In group A, rapid corneal healing occurred in four of five cases 1–4 weeks after AMT (Figs 1 and 2). However, in patient 5 the epithelial defect recurred. The membrane dissolved within 2 months in all cases. In successful cases, epithelialisation apparently occurred underneath the amniotic membrane. After the membrane dissolved, the corneal epithelium phenotype appeared to be unchanged. Three patients (Nos 3, 4, and 5) underwent limbal transplantation after AMT (Table 1). In group B amniotic membrane did not help to stabilise the ulcer and after 1–3 weeks all cases underwent tectonic transplantation (Table 1). Patient No 10 (category C) had a successful ocular surface reconstruction, with the return of satisfactory mucosal appearance and release of adhesions (Table 1). Epithelialisation was rapid, and the resulting conjunctival surface remained stable 18 months after surgery, without inflammation or erosion.

Figure 1

External photograph of case 2 in the early postoperative period after amniotic membrane transplantation. Arrowheads indicate the edge of the amniotic membrane posterior to the limbus (A). The amniotic membrane was stained with fluorescein (B).

Figure 2

External photograph of case 3, 3 weeks after amniotic membrane transplantation. Arrowheads indicate the edge of the amniotic membrane posterior to the limbus. There is a dense white opacity on the membrane, which was related to ciprofloxacine treatment.


Persistent corneal epithelial defect may progress to persistent sterile corneal ulcer and, occasionally, to perforation. Common factors leading to the breakdown of the epithelial surface include infections, xerosis, trauma, and chemical injuries. Treatment of persistent epithelial defects consists of correction of the underlying cause and tissue lubrication. In cases refractory to medical treatment several options can be considered, including AMT.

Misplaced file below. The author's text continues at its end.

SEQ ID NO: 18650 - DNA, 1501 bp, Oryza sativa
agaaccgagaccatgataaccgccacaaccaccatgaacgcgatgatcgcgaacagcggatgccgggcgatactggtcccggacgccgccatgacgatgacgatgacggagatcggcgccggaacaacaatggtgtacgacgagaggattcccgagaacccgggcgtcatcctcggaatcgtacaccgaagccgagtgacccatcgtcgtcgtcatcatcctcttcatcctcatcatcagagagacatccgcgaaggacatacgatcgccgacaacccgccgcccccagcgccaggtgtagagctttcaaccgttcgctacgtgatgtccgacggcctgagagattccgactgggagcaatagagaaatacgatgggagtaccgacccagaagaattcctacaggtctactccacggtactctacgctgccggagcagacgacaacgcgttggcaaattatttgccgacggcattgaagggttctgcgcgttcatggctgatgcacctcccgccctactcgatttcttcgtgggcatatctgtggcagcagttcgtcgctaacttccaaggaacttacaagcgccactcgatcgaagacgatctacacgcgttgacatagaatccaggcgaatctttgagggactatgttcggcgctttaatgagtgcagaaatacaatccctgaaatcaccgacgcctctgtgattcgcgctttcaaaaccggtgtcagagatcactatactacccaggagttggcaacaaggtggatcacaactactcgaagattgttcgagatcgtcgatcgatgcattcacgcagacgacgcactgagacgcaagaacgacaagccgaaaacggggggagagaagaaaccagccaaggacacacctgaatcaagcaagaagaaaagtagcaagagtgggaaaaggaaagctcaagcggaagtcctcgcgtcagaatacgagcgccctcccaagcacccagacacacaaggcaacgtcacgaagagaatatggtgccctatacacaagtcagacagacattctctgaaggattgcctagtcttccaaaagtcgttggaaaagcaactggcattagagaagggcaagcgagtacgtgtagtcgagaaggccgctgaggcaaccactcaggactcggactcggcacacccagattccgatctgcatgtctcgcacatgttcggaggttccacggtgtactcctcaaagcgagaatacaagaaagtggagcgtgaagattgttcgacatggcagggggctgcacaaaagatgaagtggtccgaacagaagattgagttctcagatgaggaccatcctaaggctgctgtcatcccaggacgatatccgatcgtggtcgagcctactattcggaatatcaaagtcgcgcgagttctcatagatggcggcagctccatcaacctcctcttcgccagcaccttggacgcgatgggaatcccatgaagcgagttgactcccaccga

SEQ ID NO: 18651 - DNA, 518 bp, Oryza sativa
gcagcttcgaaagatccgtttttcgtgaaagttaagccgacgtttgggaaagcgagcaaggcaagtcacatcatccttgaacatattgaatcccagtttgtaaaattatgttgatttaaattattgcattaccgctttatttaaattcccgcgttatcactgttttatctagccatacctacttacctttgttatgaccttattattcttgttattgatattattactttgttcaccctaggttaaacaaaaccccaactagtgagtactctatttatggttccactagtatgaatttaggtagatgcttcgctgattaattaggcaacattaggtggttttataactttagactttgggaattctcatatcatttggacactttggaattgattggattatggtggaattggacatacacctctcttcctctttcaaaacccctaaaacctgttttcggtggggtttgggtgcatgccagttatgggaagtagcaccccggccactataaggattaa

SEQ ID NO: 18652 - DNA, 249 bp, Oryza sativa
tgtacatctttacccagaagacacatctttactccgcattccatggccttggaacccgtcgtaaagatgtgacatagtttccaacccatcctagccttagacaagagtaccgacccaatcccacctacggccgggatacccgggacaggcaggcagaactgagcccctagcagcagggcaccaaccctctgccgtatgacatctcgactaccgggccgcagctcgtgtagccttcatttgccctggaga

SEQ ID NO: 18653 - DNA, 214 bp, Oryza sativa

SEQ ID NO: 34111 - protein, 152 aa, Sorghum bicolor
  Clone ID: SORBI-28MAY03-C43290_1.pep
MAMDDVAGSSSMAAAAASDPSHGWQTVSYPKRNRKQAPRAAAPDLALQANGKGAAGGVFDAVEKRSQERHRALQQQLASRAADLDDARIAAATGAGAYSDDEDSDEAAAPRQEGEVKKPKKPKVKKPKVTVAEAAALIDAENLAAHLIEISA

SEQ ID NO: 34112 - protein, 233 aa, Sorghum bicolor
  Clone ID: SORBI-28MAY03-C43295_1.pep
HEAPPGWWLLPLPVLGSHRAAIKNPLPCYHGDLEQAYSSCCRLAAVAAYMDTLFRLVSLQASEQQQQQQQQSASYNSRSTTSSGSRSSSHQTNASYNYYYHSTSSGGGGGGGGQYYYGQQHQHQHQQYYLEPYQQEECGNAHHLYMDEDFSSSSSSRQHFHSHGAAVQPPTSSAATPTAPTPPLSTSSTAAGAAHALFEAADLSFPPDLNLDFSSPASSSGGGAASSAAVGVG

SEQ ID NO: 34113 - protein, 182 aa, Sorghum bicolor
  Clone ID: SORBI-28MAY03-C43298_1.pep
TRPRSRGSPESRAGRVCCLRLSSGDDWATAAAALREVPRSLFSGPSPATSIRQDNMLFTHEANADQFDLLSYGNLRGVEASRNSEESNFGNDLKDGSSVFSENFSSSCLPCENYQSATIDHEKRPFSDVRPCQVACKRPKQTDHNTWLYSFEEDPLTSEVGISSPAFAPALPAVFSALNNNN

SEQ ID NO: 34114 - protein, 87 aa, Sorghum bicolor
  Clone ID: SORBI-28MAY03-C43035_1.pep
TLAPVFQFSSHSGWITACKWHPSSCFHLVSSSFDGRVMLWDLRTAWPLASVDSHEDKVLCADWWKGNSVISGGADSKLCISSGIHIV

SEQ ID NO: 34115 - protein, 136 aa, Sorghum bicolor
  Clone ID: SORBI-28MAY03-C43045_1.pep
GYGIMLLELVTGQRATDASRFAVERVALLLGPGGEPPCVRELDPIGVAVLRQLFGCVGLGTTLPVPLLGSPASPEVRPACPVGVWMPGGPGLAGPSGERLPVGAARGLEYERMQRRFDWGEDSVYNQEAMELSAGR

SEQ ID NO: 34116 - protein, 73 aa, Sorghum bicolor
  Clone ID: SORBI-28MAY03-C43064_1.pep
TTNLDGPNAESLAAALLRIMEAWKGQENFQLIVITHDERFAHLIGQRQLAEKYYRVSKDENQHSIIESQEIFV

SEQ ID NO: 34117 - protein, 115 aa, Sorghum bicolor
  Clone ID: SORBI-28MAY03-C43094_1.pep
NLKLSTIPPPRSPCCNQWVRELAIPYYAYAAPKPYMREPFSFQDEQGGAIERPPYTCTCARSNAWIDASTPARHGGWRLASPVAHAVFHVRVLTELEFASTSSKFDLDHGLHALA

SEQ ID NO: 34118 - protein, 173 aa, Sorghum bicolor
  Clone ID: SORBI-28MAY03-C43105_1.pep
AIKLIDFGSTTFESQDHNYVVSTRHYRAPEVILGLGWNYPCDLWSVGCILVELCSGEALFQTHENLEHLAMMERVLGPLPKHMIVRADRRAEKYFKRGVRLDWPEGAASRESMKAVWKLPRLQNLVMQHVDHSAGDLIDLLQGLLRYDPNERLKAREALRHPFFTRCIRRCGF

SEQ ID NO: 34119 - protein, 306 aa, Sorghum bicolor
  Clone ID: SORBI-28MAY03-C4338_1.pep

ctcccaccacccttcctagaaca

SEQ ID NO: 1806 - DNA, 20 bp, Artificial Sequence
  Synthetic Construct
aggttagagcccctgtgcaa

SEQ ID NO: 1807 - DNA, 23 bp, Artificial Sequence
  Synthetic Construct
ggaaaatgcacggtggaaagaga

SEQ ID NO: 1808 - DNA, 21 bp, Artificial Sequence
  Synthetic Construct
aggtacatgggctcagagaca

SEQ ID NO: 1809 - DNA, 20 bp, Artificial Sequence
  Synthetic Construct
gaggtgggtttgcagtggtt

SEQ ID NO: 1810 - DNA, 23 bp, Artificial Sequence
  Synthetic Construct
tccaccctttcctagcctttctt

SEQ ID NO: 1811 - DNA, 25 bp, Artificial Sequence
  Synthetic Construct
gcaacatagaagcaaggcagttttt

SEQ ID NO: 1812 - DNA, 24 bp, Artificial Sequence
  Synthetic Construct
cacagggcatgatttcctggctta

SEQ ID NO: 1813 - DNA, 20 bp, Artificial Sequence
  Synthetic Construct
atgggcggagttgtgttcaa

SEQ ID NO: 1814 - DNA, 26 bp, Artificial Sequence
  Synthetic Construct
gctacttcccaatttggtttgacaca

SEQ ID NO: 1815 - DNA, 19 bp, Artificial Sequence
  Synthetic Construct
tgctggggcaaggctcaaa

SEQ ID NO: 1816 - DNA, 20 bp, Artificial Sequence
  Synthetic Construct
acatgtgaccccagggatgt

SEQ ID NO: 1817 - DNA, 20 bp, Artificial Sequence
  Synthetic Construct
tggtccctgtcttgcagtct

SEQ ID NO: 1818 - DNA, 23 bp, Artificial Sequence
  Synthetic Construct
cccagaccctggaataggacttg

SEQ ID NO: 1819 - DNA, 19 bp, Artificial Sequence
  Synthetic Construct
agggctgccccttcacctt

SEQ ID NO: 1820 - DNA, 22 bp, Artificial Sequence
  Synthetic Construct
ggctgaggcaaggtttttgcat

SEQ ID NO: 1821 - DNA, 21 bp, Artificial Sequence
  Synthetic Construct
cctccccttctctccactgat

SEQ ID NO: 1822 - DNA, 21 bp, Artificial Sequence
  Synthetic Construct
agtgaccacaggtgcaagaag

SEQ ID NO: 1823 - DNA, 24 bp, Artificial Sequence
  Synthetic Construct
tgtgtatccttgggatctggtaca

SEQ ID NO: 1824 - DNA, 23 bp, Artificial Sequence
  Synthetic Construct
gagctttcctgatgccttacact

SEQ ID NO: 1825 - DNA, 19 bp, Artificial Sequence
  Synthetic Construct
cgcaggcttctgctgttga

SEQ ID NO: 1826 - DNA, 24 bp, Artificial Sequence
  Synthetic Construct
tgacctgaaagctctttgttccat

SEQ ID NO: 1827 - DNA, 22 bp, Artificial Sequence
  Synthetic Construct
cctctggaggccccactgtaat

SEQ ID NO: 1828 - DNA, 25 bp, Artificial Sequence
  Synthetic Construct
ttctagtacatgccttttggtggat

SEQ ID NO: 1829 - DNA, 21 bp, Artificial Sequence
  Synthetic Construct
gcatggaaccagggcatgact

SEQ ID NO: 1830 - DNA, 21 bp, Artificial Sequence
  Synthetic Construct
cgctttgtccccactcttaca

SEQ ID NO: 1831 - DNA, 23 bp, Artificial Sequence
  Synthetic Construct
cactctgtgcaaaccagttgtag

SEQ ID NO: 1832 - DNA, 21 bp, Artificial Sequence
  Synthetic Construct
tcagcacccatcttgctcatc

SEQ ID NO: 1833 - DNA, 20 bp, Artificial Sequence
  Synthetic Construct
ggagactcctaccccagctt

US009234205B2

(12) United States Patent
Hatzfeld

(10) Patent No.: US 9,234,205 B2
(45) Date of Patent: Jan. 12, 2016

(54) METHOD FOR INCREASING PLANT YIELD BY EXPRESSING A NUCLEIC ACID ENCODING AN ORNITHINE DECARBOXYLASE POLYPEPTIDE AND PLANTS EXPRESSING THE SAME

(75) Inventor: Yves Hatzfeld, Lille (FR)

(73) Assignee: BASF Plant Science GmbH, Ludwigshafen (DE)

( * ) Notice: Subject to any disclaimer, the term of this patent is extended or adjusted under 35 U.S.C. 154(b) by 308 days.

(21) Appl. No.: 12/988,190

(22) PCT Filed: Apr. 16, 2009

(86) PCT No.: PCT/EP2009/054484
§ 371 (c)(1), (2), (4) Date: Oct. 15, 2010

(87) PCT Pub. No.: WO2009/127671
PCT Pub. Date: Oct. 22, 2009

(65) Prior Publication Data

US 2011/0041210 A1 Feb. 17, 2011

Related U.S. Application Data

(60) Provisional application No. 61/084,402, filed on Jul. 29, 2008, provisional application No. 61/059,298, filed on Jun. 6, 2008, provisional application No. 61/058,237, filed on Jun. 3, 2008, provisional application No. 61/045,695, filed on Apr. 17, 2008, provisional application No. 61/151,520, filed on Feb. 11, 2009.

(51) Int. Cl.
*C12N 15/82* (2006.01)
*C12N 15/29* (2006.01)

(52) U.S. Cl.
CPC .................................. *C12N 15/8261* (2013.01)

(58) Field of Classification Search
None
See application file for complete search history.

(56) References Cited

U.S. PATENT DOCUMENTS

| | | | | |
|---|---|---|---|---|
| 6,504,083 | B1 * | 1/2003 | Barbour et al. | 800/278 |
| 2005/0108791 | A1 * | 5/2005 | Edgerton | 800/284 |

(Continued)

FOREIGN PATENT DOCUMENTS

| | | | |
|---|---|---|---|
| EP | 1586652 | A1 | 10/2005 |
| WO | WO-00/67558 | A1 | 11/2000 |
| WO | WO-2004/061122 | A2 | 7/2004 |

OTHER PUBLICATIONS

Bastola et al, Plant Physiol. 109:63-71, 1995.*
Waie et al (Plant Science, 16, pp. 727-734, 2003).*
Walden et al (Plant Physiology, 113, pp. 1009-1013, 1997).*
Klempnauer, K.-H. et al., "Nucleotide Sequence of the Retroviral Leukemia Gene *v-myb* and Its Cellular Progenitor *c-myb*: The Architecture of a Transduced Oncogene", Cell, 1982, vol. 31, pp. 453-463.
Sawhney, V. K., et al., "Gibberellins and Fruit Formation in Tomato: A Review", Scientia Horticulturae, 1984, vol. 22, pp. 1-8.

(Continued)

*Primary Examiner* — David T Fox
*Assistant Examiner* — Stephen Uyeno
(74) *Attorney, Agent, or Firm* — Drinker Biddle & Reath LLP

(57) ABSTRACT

Several characteristics explain why the amniotic membrane can be useful to promote epithelial healing. For example, the epithelium produces various growth factors, and the basement membrane facilitates migration of epithelial cells, reinforces adhesion of basal epithelial cells, and may promote epithelial differentiation.4 Lee and Tseng used amniotic membrane to treat persistent epithelial defects.14 Epithelialisation occurred in 10 of 11 consecutive patients. Recently, Tseng et alreported that the use of AMT was beneficial to restore the ocular surface in patients with partial limbal stem cell deficiency, but in severe deficiency associated limbal and amnion transplantation was required.18

In this study the amniotic membrane promoted rapid corneal healing in four of five patients with persistent epithelial defects. However, one of these cases could be considered as a relative failure because the epithelial defect recurred. It is likely that limbal stem cell deficiency, present in both non-successful cases, contributed to the lack of success. After AMT three patients underwent limbal transplantation to regenerate the ocular surface, and one case required surgery for visual rehabilitation. These results suggest that in patients with associated ocular surface abnormalities (such as diffuse limbal stem cell deficiency) AMT may be only useful as a temporary measure before other reconstructive surgical procedures. It is important to emphasise that AMT may be considered as an option only after intensive topical lubrication has failed to promote epithelial healing. Other alternatives such as tarsorrhaphy, punctal occlusion, botulinum toxin injection, punctal occlusion, tissue adhesive, or conjunctival flaps should be considered with an individualised criterion. A controlled clinical trial will be necessary to evaluate whether AMT has a better or worse outcome than conventional surgical options to treat persistent epithelial defects.